Paul Smyth (1883-1963) - An artist's view of Canvey
The Spirit of Early Canvey
Paul Smyth’s story goes right to the heart of the popularity of Canvey as envisaged by its early developers. The artist left numerous historical and quite atmospheric images of the island, South Benfleet and the waters hereabouts. Mainly water colours, subjects range from the Canvey village pump in 1913, through the 1920s and ’30s to the early 1950s and include barges and bungalows, boats and the (then) yacht club, farms, creeks and general views.
How Long Road has changed since the artist painted it in 1913. Anyone remember old Whitehead’s caravan? Or Mrs Mulley’s flower-covered Bungalow? It must have been the artist’s mother-in-law’s home. Even after the collapse of Frederick Hester’s grand development plans for Canvey his spirit remained and the people kept coming. Oddly enough, what Daniel Defoe had described as a very unhealthy low area in 1722, had become a sales point, a celebration for health and ozone seekers.
Paul Smyth made frequent trips to Canvey Island with his family from London dating back to 1913 and it was on Canvey Island that he met his future wife Elsie Mulley. She had moved to Canvey from Richmond, London, with her mother and sister Hilda, ‘due to the healthy sea air’, according to their granddaughters who have set up the site in honour of their grandfather.
Their great-grandmother was Florence Mulley, who lived at ‘Buccleuch‘ bungalow at Leigh Beck. For two or three years during the 2nd World War Florence and daughter Hilda, as well as Hilda’s two children moved to the safety of Somerset, but an old postcard records Florence’s longing to get back to Canvey. When she did return she moved to a bungalow on the High Street near the Admiral Jellicoe pub.
Hilda and her family moved to ‘McEwan‘, a bungalow in Point Road opposite the bus station. Here Barbara and Sue spent two weeks every summer, coming on the steam train from Upper Holloway – the Great Event of the Year.
Paul Cranfield Smyth was born in Highgate in 1883. His father was a headmaster and the boy, who displayed an aptitude for painting at an early age, became a teacher. In 1913, at the age of 30, he exhibited at the Royal Academy. It is also the year his first Canvey pictures were painted. When war broke out in 1914 he joined the 2/7th Middlesex Regiment and was sent to Gibraltar, then Egypt and in 1916 with the 19th Manchester Regiment to France and the Somme. Seriously wounded on the first day of the Battle of Passchendaele, he spent nine months in hospital.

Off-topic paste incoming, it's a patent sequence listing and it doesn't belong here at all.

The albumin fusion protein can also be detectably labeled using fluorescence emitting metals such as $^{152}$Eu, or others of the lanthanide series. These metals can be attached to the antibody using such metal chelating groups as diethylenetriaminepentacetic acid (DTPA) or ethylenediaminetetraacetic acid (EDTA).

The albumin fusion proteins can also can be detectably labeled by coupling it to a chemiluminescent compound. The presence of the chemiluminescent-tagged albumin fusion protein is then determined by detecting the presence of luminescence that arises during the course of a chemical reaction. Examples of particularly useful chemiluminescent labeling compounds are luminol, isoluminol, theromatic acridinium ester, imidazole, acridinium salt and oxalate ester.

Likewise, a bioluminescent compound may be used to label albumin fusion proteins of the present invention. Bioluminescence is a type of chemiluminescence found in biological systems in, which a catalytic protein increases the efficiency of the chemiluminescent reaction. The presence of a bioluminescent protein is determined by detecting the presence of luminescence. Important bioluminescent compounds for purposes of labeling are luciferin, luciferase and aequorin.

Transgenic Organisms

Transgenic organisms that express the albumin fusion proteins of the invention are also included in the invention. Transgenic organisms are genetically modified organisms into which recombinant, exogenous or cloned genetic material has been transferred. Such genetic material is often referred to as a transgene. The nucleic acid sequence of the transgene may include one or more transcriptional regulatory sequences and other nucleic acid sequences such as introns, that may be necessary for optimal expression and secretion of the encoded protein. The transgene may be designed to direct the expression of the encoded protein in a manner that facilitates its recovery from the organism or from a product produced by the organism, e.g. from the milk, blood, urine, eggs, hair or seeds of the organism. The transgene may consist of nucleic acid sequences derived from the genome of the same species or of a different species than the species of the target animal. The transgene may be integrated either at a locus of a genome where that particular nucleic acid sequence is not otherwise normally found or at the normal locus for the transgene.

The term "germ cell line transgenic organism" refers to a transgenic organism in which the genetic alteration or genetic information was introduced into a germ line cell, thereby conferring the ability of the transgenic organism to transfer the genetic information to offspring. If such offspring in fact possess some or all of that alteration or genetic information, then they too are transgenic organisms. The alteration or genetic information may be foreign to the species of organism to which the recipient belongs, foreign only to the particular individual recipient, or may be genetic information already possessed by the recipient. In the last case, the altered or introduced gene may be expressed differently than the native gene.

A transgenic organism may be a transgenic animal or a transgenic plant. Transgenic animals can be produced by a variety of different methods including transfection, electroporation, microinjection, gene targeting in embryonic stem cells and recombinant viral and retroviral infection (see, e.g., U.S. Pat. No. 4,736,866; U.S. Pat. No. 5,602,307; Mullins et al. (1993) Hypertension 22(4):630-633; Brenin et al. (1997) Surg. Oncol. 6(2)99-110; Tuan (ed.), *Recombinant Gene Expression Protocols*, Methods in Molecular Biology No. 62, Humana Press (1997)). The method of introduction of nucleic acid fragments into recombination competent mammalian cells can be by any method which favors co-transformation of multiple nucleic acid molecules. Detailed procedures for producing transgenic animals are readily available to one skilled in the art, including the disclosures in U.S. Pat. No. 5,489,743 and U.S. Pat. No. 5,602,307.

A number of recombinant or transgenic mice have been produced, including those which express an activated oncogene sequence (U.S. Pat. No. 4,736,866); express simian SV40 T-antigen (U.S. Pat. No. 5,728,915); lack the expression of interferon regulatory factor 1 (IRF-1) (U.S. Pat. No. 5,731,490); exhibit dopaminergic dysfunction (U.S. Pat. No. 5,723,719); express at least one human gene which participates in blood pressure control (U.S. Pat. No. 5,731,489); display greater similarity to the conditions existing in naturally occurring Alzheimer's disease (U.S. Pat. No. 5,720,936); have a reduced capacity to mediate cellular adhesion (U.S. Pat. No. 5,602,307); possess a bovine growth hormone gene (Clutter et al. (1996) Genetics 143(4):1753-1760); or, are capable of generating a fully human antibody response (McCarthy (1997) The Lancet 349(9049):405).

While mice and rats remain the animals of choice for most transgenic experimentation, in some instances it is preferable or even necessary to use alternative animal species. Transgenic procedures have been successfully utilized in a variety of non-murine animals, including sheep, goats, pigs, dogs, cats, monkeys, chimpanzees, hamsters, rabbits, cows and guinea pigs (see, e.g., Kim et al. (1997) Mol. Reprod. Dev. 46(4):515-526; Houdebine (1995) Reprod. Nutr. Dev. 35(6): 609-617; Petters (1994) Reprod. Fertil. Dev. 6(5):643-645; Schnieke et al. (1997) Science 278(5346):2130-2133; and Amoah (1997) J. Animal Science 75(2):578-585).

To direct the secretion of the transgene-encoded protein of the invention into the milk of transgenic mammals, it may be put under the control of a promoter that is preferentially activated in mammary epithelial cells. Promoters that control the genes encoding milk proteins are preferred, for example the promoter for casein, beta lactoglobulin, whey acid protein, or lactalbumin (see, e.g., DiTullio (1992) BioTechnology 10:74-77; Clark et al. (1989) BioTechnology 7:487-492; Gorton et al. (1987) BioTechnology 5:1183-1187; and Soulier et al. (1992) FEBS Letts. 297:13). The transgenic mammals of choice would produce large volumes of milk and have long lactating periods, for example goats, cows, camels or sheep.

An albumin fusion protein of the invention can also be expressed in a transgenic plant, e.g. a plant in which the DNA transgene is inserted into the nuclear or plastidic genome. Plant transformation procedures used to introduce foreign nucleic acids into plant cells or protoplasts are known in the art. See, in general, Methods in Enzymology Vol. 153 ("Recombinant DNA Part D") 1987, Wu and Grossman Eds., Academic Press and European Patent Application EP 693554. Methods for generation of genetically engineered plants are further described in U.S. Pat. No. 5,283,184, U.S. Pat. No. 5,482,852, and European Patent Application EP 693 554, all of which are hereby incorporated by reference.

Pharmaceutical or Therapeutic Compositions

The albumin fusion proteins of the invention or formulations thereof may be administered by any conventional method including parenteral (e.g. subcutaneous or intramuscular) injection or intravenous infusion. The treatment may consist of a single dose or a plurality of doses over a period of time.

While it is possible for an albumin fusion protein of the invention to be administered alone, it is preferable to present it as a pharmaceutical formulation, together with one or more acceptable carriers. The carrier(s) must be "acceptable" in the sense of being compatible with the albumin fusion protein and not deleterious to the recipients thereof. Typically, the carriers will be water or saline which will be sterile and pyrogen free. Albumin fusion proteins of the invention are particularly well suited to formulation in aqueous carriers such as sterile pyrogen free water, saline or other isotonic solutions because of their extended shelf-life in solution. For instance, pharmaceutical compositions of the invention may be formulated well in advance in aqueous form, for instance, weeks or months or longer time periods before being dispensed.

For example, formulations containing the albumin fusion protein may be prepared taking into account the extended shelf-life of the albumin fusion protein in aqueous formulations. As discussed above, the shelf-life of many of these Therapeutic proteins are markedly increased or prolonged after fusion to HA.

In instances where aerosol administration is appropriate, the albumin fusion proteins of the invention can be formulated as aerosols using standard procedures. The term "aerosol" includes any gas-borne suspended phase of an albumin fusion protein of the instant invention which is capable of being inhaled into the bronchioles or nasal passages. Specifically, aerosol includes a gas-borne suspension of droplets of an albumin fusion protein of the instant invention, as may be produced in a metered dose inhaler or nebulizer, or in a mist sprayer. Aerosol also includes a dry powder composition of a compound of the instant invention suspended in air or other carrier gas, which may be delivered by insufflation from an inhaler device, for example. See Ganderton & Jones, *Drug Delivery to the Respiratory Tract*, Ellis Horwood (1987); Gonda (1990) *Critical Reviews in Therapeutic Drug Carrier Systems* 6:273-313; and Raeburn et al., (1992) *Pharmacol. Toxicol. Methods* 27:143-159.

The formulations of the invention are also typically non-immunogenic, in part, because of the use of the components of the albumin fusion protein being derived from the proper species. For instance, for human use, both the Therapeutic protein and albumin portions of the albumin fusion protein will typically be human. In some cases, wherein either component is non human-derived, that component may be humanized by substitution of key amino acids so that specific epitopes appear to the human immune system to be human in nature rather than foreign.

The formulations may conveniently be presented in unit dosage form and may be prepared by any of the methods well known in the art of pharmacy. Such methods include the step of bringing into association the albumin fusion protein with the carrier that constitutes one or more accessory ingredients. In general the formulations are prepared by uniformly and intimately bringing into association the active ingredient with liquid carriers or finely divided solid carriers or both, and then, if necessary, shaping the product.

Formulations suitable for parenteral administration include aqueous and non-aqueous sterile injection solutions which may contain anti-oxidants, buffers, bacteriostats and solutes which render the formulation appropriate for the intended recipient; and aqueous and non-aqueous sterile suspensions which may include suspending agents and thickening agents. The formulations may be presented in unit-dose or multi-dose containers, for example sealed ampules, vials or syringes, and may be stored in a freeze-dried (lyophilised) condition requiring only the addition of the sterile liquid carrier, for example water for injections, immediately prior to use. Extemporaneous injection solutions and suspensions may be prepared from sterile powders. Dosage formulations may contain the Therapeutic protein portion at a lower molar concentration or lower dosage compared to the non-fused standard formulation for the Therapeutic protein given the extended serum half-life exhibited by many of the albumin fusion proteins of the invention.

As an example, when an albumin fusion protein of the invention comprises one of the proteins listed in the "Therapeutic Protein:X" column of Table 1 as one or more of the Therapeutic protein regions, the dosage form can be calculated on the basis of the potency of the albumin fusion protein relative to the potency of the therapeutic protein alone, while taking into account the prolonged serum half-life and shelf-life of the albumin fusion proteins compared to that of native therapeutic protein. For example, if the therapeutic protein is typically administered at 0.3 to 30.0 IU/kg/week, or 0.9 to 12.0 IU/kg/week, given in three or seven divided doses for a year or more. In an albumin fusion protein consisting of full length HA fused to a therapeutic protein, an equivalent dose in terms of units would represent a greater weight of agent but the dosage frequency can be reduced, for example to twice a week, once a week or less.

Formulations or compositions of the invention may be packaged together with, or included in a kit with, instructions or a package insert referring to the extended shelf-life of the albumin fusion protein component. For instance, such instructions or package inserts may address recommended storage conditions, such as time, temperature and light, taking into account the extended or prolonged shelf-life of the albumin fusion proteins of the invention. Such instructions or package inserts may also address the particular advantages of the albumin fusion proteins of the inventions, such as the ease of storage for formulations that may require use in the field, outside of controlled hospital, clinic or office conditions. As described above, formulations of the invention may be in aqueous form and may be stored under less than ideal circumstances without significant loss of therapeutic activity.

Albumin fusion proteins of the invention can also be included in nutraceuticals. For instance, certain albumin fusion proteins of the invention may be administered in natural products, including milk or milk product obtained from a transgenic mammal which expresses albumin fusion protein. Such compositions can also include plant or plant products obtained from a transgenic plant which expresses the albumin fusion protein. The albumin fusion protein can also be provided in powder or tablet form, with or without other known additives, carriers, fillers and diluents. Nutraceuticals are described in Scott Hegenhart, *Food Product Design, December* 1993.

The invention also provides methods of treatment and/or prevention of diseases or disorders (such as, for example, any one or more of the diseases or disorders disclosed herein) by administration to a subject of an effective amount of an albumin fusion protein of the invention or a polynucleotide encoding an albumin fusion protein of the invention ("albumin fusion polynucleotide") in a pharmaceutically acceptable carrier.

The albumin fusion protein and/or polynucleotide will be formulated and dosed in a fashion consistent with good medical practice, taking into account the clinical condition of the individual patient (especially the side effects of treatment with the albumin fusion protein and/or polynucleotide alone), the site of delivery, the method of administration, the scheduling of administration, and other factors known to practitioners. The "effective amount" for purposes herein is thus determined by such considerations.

On 20th July 1918 Paul Smyth married Elsie Mulley at St. Mary’s, Brookfield, Highgate. They lived in Highgate and later North Finchley, where he was a driving force behind the Finchley Art Society which he founded in 1949 and was president of for some years. Maybe there is something in that healthy Canvey air – the artist died a month before his 80th birthday.
‘Up until I was 13 years old, Canvey was the only ‘seaside’ I had visited, and the smell of the salty air when we got out of the train at Benfleet, and the wonderful feeling of walking out on the saltings at low tide are two of my favourite childhood memories.‘
‘I suppose there are a lot of people round the world nostalgic about the sea air of Benfleet, Canvey and that area. There are some more beautiful coastlines in England, but you have to go a long way to find that wonderful smell!’
(Quotes and all pictures courtesy of Barbara Pearce, one of Paul Smyth’s granddaughters)
Update: Canvey-born Graham Stevens remembers Mrs Mulley from his childhood in the early 1950s. The bungalow she moved to when she returned to the island from Somerset was called ‘Churchside’ and stood on the corner of Gainsborough Avenue and High Street. The bungalow actually belonged to his aunt Blossom and its history goes right back to the early days of Canvey development, when the Stevens family acquired it as a holiday bungalow.
Graham and his sister Jenny (now Jenny Stacey) used to run errands for Mrs Mulley, down to Beales on the corner of Seaview Road for the papers and ciggies. And sometimes they’d trundle the accumulator for her radio (anyone remember them?) on a pushchair to Valentines’ Garage for a refill, not an easy task for children. The garage also had petrol pumps. As can be seen in the pictures, the lady was partial to hats and one of Graham’s cherished memories is that she always wore a black boater hat with a brightly multicoloured striped hatband. ‘McEwan’, the bungalow her daughter Hilda and her family moved to in Point Road opposite the bus station, just like the gælic ‘Buccleuch’, originally had Scottish connections.
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